Customer Testismonial

Once of the many sayings that are very applicable about horse training and life in general is that it’s not just what you do but how you do it. My horse had been a pleasure to trailer load. Easy, calm and very willing until last fall when he colicked and I took him out for a trailer ride to get whatever benefit trailer rides are supposed to do for colic. Well after giving him a ride for awhile, I stopped in a grassy part of the park to give him 10 minutes of grazing on nice lush grass, per the vet’s advice. So far so good. Except that after only 10 minutes grazing he wasn’t ready to get back into the trailer and proceeded to plant his feet and refuse to get in. Well since he and my first horse were both easy loaders, I never had to pay close attention to all the trailer loading techniques from Parelli or Lyons or anyone else. I was spoiled I guess.

On top of the colic, he was diagnosed with Lyme disease right before the colic so I wasn’t doing anything with him for most of the fall . Then the long hard winter came so I really had no reason to trailer him anywhere and didn’t even try until Friday. I knew I had two trailer events to do this weekend so I figured I better check him out on Friday and see whether he was going to go back to his good old trailering self or his suddenly new “refusal self”. I was crossing my fingers. Well the bad news was he refused to get on. The good news was after about 90minutes I was able to get him on and off about 10 times but not as willingly as his old self. For me it was a disturbing lesson in how horses can digress and how we must not assume behavior.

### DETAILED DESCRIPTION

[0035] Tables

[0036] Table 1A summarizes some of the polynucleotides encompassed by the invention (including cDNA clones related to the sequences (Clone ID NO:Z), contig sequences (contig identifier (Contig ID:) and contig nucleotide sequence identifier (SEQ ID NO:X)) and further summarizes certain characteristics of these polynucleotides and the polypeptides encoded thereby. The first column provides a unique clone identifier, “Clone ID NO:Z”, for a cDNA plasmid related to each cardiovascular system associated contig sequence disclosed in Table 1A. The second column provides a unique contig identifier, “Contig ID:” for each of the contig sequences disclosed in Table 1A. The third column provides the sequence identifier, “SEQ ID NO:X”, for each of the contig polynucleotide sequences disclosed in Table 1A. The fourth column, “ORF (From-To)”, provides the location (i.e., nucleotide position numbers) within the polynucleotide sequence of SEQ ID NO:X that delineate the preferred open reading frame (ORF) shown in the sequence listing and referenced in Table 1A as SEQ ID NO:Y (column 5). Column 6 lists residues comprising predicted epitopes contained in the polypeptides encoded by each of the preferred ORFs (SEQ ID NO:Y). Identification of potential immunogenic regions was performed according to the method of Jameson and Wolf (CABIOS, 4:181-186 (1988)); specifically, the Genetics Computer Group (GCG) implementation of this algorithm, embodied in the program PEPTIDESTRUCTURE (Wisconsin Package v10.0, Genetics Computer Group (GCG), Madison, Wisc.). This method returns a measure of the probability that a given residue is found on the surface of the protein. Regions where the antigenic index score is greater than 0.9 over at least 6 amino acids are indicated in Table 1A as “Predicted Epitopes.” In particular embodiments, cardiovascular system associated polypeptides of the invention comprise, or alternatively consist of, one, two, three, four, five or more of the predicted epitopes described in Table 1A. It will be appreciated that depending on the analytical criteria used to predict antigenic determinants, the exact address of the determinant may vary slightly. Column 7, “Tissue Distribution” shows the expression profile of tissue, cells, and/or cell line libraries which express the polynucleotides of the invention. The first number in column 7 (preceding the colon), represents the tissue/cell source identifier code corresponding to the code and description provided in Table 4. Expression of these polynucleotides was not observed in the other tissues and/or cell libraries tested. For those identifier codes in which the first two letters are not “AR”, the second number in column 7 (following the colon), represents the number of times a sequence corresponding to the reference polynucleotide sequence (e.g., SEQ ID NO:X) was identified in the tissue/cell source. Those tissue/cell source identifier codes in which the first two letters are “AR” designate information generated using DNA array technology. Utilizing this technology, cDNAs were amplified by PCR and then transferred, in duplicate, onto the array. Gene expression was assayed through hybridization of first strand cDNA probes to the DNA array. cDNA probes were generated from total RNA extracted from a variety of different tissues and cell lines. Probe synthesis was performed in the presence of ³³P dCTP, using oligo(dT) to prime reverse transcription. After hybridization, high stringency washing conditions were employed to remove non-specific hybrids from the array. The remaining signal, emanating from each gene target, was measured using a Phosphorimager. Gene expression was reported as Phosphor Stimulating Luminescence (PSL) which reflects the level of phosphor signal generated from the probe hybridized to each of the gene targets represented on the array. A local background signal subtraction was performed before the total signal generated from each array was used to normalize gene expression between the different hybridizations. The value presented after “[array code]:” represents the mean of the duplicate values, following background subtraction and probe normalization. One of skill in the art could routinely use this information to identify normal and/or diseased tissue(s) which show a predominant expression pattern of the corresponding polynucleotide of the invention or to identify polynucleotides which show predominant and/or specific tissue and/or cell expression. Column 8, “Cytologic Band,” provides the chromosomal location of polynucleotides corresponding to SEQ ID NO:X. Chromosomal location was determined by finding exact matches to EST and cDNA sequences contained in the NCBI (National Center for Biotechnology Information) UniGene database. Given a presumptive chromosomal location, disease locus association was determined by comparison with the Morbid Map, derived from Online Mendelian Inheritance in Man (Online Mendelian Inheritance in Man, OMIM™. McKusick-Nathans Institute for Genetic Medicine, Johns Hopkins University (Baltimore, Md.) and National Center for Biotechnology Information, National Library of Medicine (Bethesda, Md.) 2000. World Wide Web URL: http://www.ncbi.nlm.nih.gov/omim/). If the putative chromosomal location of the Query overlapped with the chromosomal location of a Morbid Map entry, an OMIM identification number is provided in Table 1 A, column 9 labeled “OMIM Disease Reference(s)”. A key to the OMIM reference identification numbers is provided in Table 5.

Well today (Saturday) came and I eagerly arrived at the barn to prepare to load and go on a trail ride out on the North Fork. During the first 90 minutes of attempting to load, he just planted his feet at the front of the trailer. It was as if I accomplished nothing the day before. Now I would miss the trail ride’s departure time. Since Tony was doing a clinic at our barn, I didn’t want to distract his audience, so I decided to take a break and take a ride in the park for a while and return to loading later.

When I returned I found myself just getting more and more frustrated. I had brought my John Lyons book with me as well another Natural Horsemanship clinician’s book and tried to figure out a solution. Not only was I not getting any closer to getting him loaded, but he was getting annoyed and moving with much less energy. John Lyons says his trailer loading technique works 100% of the time on all horses and never takes more than 4 hours. So after another 90 minutes in my afternoon session (on top of my morning 90 minute session and 90 minutes the day before) I cried Uncle and then asked Tony to step in.

Within 10 minutes Tony had him walking on the trailer like his old self and even added a new lesson on backing off the trailer for the first time .My trailer is a two horse slant so I had always turned him around and walked him off head first which he always did calmly.

I think the key was not so much what Tony did but how he did it. He got his attention, respect and focus and then, quite uneventfully, just got him to walk on the trailer. Where I was apparantly losing his attention and not getting his respect despite all my efforts, Tony just applied that “feel” that makes all the difference in the world. In one sense it was discouraging for me to think that after all the effort I had made, someone else could do it in 10 minutes. But then it is so encouraging to think that the techniques do work, as long as we know how to apply them and as long we develop the right feel. That is very encouraging.

Thanks Tony for returning my guy to his old self and for once again showing me how feel makes the difference.


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